100 Ways to Save a Ton of Money When You Travel

canadastock/shutterstock (edited)
canadastock/shutterstock (edited)

The biggest excuse people make for not traveling is that it costs too much money. And, sure, spending hundreds of dollars to fly to a place only to then spend even more money on a bed and food isn't always in everyone's budget. But travel doesn't have to be expensive, and we don't want that to be your excuse.

So to help you plan your next trip on the cheap, we compiled a list of our best money-saving travel tips. From rental car steals and airfare hacks, to cruise secrets and the cheapest Caribbean paradises, here are 100 ways to navigate the globe for pennies on the dollar.

Air Travel
Matej Kastelic/Shutterstock (Edited)

1. Don't use US-based search engines exclusively to book flights

US-based search engines, like all search engines, have blind spots -- they miss budget, foreign, and smaller regional airlines. To get a better picture of who flies where and for what price, be sure to search multiple airfare websites. Two of the best are momondo.com and Skyscanner.com.

2. Don't book your flight too early

The best time to book an international flight is four to six months before you fly, as that’s when the airlines have a better idea of how quickly (or slowly) a flight will start selling out -- and they raise or lower fares accordingly. For domestic tickets, it’s between one to two months.

3. Use our step-by-step guide to hack cheap airfares using foreign websites and currency

Going straight to a foreign airline's website, pretending you’re in that country, and booking with the local currency can sometimes save you hundreds of dollars. And the best part: all of the currency conversions are done by the credit card company. Here's how you do it. (Note: Make sure the foreign airline site you're using accepts US credit cards before you hit "Buy" -- or whatever "Buy" is in that language.)

4. Use hidden-route ticketing when booking your flight

We explain it in more detail here, but essentially, search engines rarely check every combination of connecting flights to a destination, and you can often get there much cheaper by flying through a "hidden," less popular airport. Tripdelta is one site that puts together hidden-route tickets, and on international flights, it can make a huge difference.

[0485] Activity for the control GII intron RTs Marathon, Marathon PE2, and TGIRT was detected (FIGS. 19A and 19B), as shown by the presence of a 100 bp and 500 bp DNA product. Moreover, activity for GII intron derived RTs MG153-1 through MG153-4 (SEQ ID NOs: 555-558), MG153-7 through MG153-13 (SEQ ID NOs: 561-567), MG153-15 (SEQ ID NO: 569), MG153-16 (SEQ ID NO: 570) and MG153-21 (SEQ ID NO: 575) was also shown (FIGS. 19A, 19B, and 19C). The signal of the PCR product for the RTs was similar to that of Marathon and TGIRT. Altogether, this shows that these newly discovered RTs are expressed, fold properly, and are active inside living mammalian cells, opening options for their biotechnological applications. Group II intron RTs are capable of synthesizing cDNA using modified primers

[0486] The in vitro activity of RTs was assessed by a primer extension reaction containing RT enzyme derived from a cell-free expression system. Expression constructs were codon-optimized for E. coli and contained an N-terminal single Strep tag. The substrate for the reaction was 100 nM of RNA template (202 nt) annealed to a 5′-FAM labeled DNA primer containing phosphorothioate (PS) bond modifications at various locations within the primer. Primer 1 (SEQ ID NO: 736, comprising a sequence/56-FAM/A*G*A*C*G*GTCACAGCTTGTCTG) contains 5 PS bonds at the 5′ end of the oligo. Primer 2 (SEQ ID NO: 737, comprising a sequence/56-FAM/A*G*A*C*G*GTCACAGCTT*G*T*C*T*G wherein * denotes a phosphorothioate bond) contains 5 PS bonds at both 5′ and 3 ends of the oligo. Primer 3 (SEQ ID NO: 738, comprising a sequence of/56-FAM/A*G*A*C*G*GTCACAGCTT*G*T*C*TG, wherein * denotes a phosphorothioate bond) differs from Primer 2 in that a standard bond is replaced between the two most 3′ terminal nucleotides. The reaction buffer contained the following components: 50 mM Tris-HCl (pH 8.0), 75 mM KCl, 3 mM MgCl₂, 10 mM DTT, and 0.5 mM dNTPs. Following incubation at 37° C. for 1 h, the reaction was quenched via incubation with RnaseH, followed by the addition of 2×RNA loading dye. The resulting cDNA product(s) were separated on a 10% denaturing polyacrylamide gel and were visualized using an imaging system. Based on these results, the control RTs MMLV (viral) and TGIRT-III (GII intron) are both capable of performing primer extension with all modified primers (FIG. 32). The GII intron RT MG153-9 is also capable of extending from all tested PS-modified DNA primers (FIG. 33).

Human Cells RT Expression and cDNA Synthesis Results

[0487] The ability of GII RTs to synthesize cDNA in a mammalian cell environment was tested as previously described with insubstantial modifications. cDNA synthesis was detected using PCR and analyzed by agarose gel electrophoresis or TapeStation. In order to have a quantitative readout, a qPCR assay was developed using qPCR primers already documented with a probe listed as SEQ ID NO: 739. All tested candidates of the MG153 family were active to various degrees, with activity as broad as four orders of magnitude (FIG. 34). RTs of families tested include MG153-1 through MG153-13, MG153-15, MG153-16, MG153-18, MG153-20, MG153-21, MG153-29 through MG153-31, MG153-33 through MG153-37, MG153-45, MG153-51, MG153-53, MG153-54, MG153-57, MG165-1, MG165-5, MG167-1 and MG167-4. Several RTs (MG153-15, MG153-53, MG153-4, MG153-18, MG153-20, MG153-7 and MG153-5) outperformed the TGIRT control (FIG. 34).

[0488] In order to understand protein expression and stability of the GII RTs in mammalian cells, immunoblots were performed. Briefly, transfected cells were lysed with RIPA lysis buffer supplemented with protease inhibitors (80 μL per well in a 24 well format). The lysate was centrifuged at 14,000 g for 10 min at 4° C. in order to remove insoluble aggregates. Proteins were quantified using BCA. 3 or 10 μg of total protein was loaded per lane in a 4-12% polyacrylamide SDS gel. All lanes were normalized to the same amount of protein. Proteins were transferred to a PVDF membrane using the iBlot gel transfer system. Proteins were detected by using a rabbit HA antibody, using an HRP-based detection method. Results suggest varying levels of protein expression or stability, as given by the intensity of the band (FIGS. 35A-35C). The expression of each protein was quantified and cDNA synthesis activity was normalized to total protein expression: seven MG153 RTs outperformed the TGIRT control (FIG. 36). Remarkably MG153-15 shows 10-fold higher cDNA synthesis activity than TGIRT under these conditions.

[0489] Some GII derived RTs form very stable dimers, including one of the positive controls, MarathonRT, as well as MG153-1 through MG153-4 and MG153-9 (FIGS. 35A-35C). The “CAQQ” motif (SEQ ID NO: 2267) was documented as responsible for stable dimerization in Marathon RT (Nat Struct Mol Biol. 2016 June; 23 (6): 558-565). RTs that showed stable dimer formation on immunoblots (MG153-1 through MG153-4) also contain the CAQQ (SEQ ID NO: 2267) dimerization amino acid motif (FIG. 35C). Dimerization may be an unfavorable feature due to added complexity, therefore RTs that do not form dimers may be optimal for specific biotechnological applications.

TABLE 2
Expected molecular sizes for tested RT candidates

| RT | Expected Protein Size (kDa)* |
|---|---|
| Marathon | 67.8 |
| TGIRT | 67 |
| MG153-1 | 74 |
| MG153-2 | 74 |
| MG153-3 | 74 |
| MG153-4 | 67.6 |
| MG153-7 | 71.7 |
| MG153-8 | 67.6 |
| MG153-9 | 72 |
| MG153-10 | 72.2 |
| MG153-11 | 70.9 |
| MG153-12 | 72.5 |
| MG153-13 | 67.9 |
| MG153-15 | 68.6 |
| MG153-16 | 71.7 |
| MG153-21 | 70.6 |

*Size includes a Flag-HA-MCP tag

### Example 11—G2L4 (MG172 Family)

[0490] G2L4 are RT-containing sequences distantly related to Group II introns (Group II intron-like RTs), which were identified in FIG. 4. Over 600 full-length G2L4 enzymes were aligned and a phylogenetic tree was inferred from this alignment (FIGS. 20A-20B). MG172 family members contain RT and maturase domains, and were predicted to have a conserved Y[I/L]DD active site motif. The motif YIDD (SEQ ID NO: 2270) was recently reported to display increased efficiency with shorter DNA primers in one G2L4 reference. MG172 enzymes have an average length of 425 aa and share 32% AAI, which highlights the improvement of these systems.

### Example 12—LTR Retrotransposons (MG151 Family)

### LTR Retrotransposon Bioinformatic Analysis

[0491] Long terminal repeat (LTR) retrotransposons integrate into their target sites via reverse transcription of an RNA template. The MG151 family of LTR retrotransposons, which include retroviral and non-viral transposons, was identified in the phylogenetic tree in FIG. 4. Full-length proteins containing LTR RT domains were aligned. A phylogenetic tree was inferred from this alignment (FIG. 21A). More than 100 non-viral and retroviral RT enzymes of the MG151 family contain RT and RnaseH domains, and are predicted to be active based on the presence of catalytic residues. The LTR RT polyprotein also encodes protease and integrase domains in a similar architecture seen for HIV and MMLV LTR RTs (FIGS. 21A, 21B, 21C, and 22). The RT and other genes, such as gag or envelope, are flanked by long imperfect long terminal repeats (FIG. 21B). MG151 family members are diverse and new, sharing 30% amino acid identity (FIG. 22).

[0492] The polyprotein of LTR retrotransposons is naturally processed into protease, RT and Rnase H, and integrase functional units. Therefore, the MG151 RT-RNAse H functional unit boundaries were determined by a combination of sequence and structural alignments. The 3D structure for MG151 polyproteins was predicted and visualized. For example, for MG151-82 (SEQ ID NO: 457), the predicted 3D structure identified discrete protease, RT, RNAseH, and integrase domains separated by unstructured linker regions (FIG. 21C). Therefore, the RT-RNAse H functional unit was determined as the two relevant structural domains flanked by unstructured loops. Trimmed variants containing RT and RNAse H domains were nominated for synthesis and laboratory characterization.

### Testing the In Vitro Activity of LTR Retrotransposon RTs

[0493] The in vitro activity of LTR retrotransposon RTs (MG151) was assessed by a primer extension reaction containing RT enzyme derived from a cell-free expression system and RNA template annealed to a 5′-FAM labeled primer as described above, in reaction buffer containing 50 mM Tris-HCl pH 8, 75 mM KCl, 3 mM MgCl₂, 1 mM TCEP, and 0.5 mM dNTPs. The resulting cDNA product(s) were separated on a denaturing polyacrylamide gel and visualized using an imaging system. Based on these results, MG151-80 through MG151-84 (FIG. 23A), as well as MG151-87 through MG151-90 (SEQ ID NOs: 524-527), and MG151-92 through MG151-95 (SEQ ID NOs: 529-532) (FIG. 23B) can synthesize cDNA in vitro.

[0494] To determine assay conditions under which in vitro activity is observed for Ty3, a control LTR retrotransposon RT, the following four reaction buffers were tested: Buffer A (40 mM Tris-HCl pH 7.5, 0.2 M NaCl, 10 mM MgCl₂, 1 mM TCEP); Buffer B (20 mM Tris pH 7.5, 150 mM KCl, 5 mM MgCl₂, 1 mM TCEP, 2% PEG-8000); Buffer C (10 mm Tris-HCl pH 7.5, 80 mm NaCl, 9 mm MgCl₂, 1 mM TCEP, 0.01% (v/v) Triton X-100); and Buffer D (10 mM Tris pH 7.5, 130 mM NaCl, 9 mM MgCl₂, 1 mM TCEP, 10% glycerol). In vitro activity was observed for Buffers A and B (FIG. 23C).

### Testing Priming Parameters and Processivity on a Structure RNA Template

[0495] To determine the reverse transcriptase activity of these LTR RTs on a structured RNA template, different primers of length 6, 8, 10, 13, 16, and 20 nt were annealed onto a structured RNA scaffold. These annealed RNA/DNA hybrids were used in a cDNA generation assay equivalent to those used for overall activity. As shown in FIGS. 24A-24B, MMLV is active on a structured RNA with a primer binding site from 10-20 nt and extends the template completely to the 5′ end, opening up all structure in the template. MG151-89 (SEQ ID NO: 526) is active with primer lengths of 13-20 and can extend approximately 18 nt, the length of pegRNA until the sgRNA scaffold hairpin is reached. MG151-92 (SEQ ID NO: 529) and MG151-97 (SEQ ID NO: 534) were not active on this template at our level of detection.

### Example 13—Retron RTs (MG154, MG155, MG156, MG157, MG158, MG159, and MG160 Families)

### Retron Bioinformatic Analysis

5. Fly off-peak hours and days

And that's not just flying between 5-7am or after 8pm, but also on days when people don't traditionally travel. Tuesdays, Wednesdays, and Saturdays are typically the best days for cheaper fares.

6. Buy two one-ways on different airlines

When flying domestically, it can often be cheaper to mix-and-match airlines or buy two one-way flights instead of a single round-trip ticket on the same airline. Look for one-way deals on Airfarewatchdog.com or TheFlightDeal.com and use the American Express travel site to combine one-way flights on airlines.

7. Clear your browser's cookies before buying a flight

According to Min-Jee Hwang of Wiser, a firm that analyzes pricing strategies, airlines use browser cookies to help track your flight search; it's called "dynamic pricing," and it means that prices change based on demand and conditions. While no airline has ever fessed up to doing this, best to play it safe and clear your search history and your cookies before each flight search. Or better still, use an incognito window.

8. Use a credit card that covers checked-bag fees

You can avoid an airline's baggage fees by simply applying for that airline’s branded credit card! Though these cards come with annual fees ranging from $65-$95, if you fly even just a few times a year (or as a large family) on that airline, the money you save more than pays for the card. Plus: bonus miles, priority check-in, security, boarding, and even lounge access! Or, if you want a more general travel card with similar benefits, check out our rundown of the best five here.

9. Fly budget airlines